The Doctor of Psychology is a professional doctoral degree intended to prepare graduates for careers that apply scientific knowledge of psychology and deliver empirically based service to individuals, groups and organizations. Earning the degree was originally completed through one of two established training models for clinical psychology. However, Psy.D. programs are no longer limited to Clinical Psychology as several universities and professional schools have begun to award professional doctorates in Business Psychology, Organizational Development, Forensic Psychology, Counseling Psychology, and School Psychology. The other two degrees are EdD and PhD.
Edna Foa is an Israeli professor of clinical psychology at the University of Pennsylvania, where she serves as the Director of the Center for the Treatment and Study of Anxiety. Foa is an internationally renowned authority on the psychopathology and treatment of anxiety. She approaches the understanding and treatment of mental disorders from a cognitive-behavioral perspective.
Luciano L'Abate was an Italian psychologist working in the USA. He was the father of relational theory and author, co-author, editor or co-editor of more than 55 books in the field of American psychology.
Matthew K. Nock is an American clinical psychologist, the Edgar Pierce Professor of Psychology, and the Director of the Laboratory for Clinical and Developmental Research at Harvard University. He was named a 2011 MacArthur Fellow.
Donald Jay Cohen was a psychiatrist, psychoanalyst, and director of the Yale Child Study Center and the Sterling Professor of Child Psychiatry, Pediatrics and Psychology at the Yale School of Medicine. According to the New York Times, he was "known for his scientific work, including fundamental contributions to the understanding of autism, Tourette's syndrome and other illnesses, and for his leadership in bringing together the biological and the psychological approaches to understanding psychiatric disorders in childhood"; his work "reshaped the field of child psychiatry". He was also known as an advocate for social policy, and for his work to promote the interests of children exposed to violence and trauma.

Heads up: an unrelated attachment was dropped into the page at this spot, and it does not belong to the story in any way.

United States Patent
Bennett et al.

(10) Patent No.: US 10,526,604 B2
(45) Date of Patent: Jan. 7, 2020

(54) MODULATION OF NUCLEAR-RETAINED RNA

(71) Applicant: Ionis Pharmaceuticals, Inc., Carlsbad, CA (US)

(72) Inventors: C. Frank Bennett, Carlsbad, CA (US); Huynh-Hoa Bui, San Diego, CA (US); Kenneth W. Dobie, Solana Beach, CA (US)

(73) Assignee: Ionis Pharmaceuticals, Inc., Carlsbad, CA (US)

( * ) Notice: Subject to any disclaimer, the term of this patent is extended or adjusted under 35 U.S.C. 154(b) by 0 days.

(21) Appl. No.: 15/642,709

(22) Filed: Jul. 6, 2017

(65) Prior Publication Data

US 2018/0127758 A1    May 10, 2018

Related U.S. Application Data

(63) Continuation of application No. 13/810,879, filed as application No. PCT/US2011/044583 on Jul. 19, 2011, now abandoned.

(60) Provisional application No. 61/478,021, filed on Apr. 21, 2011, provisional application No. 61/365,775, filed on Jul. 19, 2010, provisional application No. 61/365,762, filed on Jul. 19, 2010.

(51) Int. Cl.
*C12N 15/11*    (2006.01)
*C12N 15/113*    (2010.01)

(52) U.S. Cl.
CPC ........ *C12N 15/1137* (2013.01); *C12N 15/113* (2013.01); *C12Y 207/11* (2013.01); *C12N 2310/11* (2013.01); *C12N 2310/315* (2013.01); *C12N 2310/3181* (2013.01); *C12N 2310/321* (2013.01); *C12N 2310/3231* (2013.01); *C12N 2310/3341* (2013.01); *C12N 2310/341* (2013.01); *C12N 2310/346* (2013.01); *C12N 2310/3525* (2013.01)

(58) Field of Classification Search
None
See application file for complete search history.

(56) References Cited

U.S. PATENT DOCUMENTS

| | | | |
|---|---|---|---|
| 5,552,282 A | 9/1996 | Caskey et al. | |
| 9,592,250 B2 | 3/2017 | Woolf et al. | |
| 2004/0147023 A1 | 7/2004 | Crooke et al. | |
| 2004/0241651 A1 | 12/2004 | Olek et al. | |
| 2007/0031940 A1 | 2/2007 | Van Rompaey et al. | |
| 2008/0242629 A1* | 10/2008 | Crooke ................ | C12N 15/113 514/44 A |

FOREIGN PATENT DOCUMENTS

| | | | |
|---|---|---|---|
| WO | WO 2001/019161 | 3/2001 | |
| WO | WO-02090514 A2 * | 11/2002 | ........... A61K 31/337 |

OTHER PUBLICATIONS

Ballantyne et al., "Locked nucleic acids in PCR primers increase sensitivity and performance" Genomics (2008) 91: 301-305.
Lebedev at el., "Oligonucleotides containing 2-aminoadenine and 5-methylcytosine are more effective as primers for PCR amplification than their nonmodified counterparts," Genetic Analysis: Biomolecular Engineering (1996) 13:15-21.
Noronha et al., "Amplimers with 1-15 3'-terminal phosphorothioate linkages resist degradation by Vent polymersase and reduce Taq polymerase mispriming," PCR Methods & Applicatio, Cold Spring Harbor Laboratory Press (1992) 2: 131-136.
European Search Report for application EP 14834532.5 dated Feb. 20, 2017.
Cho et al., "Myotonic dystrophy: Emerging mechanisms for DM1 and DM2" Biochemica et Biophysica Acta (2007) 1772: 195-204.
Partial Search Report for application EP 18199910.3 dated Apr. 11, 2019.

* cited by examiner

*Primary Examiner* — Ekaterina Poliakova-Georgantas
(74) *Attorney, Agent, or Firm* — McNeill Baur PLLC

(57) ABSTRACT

Dante Cicchetti is a scientist specializing in the fields of developmental psychology and developmental psychopathology, particularly the conduct of multilevel research with high-risk and disenfranchised populations, including maltreated children and offspring of depressed parents. He currently holds a joint appointment in the University of Minnesota Medical School's psychiatry department, and in the Institute of Child Development. He is the McKnight Presidential Endowed Chair and the William Harris Endowed Chair.
Nadine J. Kaslow is an American psychologist, the 2014 president of the American Psychological Association (APA) and the editor of the Journal of Family Psychology. Before her current affiliation with Emory University, Kaslow worked at Yale University. She was recipient of the 2004 American Psychological Association award for Distinguished Contributions to Education and Training in Psychology.